But Sheriff Michael Moyer said that "no one is getting rich on these details," and that the county made a profit from them. Those contracting for the outside duty officers pay the county, not the individual, who receives a portion of the money paid to the county.
The delegation defeated by an 8-7 vote a motion by Lang which would have lifted the prohibition on the commissioners which limits their ability to transfer funds within departments without approval of the delegation's executive committee. He pointed out that there were 99 transfer requests for last year, some for amounts as small as $15, only one of which was denied. He said that the current process is basically a waste of everyone's time.

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Post-SB12, Sanbornton police warn travelers to pack pistol permits


SANBORNTON — After Gov. Chris Sununu signed Senate Bill 12, Constitutional Carry legislation, into law Wednesday, area law enforcement officials cautioned the public that they still will need a concealed carry permit if they plan to travel with a firearm into reciprocating states.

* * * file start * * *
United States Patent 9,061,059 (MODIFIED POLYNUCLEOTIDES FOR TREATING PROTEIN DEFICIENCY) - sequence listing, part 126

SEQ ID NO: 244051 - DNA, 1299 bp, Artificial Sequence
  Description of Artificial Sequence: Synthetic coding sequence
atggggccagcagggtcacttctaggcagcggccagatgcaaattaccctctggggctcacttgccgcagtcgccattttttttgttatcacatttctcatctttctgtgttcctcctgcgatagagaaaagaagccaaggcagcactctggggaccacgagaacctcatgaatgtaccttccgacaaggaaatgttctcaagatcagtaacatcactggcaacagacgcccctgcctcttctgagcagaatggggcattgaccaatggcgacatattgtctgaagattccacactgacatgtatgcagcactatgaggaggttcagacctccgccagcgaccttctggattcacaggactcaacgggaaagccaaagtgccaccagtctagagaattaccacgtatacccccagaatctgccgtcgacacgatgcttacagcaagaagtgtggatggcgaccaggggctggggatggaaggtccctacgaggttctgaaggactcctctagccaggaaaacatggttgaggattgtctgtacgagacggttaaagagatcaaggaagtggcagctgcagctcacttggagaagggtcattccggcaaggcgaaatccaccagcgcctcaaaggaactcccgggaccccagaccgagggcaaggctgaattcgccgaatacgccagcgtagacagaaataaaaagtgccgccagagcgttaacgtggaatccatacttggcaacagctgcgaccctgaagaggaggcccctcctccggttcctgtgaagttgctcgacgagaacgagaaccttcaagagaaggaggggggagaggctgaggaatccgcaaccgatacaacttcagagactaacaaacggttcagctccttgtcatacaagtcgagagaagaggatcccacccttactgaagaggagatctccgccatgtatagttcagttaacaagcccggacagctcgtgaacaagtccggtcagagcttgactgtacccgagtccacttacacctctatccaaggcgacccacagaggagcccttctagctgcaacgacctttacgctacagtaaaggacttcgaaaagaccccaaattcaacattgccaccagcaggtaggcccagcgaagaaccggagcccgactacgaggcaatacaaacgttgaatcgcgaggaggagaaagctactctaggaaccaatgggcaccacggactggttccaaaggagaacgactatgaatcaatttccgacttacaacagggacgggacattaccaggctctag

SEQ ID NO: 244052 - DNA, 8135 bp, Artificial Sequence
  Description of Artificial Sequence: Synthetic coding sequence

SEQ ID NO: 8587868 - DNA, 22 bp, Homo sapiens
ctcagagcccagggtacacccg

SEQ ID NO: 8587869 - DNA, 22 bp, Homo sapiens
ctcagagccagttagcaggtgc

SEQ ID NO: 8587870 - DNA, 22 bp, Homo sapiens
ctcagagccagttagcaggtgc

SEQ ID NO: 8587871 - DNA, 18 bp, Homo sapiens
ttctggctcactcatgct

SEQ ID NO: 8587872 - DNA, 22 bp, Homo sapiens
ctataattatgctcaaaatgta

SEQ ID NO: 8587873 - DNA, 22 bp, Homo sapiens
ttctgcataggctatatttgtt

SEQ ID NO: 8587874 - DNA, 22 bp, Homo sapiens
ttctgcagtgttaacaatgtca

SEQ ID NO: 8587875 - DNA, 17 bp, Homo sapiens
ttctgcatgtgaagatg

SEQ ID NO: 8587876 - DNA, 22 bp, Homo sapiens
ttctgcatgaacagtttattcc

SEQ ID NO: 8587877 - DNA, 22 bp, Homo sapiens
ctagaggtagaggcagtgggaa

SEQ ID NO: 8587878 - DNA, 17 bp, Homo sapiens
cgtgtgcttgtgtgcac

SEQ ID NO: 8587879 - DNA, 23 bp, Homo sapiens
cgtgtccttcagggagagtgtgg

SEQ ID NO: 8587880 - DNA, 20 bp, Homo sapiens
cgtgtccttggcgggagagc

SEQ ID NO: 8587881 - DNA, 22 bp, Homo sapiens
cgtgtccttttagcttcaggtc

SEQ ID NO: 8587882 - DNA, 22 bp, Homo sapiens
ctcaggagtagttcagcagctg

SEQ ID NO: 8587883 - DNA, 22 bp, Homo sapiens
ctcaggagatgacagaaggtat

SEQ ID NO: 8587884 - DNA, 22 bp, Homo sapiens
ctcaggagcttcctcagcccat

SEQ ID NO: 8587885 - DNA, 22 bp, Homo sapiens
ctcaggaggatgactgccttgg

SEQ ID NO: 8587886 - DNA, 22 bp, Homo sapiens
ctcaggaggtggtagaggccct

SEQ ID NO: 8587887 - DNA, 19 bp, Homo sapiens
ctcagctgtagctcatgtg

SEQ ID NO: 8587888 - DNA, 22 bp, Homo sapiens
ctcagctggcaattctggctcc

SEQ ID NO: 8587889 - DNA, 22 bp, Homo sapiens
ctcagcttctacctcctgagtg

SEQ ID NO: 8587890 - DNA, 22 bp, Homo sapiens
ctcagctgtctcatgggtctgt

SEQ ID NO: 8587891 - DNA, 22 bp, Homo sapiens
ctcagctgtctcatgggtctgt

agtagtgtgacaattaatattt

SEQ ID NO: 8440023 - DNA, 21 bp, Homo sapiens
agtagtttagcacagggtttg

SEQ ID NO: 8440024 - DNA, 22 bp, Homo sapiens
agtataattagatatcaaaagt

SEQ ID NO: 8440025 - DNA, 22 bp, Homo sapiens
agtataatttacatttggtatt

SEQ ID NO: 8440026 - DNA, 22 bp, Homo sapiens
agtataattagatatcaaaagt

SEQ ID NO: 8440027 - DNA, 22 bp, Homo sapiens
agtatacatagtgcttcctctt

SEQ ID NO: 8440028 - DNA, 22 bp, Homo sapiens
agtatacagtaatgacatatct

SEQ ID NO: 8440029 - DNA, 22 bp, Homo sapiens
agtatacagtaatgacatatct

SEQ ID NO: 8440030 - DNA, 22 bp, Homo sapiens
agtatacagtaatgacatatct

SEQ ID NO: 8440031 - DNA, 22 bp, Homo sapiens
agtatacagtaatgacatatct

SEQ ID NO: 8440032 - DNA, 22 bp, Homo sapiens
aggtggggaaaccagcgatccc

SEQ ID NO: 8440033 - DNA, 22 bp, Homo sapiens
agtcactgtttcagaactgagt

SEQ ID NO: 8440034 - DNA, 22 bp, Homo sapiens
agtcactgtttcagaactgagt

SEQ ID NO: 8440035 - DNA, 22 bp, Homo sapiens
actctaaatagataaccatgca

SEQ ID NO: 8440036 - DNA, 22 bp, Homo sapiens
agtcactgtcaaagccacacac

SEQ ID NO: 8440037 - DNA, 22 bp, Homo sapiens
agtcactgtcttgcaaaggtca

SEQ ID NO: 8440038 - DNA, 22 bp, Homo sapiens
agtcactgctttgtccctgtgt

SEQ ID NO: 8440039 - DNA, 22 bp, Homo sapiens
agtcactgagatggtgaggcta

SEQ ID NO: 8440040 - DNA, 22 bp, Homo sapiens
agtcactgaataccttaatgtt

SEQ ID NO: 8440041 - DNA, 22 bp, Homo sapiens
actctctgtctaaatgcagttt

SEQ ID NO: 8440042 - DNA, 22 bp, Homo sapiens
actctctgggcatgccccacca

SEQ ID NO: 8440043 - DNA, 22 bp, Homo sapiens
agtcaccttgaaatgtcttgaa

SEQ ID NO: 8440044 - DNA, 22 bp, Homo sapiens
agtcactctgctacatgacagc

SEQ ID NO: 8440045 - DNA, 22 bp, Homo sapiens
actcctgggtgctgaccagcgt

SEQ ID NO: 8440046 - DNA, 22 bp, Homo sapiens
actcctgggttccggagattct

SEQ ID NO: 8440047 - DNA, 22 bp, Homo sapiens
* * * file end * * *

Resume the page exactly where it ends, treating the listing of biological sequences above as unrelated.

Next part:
"Residents that would like to continue to have concealed carry permits can still get them from the Sanbornton Police Department," Sanbornton Police Chief Steve Hankard wrote on Facebook Wednesday. "Maintaining a permit will allow holders to carry in the other states that have reciprocity with New Hampshire. The list of applicable states can be found on the NH State Police website, under the Permits and Licensing section."
According to the State Police site (, the states that have indicated that they will recognize New Hampshire resident pistol revolver licenses include Alabama, Alaska, Arizona, Arkansas, Colorado, Florida, Georgia, Idaho, Indiana, Iowa, Kansas, Kentucky, Louisiana, Maine, Michigan, Missouri, Mississippi, North Carolina, North Dakota, Ohio, Oklahoma, Pennsylvania, South Dakota, Tennessee, Utah, Virginia, West Virginia and Wyoming.

In New Hampshire, it's now legal to carry a concealed firearm without a permit.
Sponsored by Sen. Jeb Bradley (R-3), Senate Bill 12 repeals New Hampshire's license requirement to carry a concealed pistol or revolver, unless a person is otherwise prohibited. For those who choose to obtain licenses, SB12 will also increase the length of time in which a license is valid from four years to five years.